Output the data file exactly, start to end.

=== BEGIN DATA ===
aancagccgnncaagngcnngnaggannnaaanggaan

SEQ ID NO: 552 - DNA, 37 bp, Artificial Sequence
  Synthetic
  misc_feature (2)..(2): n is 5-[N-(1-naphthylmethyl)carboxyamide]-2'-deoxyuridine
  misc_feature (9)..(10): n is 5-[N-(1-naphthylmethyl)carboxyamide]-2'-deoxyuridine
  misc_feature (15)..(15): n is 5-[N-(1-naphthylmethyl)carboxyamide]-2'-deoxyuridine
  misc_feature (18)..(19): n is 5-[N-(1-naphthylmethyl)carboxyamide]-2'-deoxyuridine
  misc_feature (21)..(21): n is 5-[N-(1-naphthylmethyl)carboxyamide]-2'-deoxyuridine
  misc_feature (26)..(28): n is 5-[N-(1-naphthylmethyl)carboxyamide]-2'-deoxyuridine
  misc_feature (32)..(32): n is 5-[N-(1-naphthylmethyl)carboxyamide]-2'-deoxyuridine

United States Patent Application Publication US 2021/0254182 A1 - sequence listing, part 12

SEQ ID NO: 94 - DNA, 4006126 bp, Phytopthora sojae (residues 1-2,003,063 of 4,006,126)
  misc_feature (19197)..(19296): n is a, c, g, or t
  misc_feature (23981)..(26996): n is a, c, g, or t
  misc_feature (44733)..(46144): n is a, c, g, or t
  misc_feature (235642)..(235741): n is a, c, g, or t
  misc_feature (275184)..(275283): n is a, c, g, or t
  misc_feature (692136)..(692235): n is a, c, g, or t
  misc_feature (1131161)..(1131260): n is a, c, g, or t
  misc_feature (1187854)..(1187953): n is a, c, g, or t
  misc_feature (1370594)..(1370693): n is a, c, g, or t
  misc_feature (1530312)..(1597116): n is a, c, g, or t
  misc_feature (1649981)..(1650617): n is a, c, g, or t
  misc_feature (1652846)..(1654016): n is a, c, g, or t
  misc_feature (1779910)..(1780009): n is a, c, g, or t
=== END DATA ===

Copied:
aancagccgnncaagngcnngnaggannnaaanggaan

SEQ ID NO: 552 - DNA, 37 bp, Artificial Sequence
  Synthetic
  misc_feature (2)..(2): n is 5-[N-(1-naphthylmethyl)carboxyamide]-2'-deoxyuridine
  misc_feature (9)..(10): n is 5-[N-(1-naphthylmethyl)carboxyamide]-2'-deoxyuridine
  misc_feature (15)..(15): n is 5-[N-(1-naphthylmethyl)carboxyamide]-2'-deoxyuridine
  misc_feature (18)..(19): n is 5-[N-(1-naphthylmethyl)carboxyamide]-2'-deoxyuridine
  misc_feature (21)..(21): n is 5-[N-(1-naphthylmethyl)carboxyamide]-2'-deoxyuridine
  misc_feature (26)..(28): n is 5-[N-(1-naphthylmethyl)carboxyamide]-2'-deoxyuridine
  misc_feature (32)..(32): n is 5-[N-(1-naphthylmethyl)carboxyamide]-2'-deoxyuridine

United States Patent Application Publication US 2021/0254182 A1 - sequence listing, part 12

SEQ ID NO: 94 - DNA, 4006126 bp, Phytopthora sojae (residues 1-2,003,063 of 4,006,126)
  misc_feature (19197)..(19296): n is a, c, g, or t
  misc_feature (23981)..(26996): n is a, c, g, or t
  misc_feature (44733)..(46144): n is a, c, g, or t
  misc_feature (235642)..(235741): n is a, c, g, or t
  misc_feature (275184)..(275283): n is a, c, g, or t
  misc_feature (692136)..(692235): n is a, c, g, or t
  misc_feature (1131161)..(1131260): n is a, c, g, or t
  misc_feature (1187854)..(1187953): n is a, c, g, or t
  misc_feature (1370594)..(1370693): n is a, c, g, or t
  misc_feature (1530312)..(1597116): n is a, c, g, or t
  misc_feature (1649981)..(1650617): n is a, c, g, or t
  misc_feature (1652846)..(1654016): n is a, c, g, or t
  misc_feature (1779910)..(1780009): n is a, c, g, or t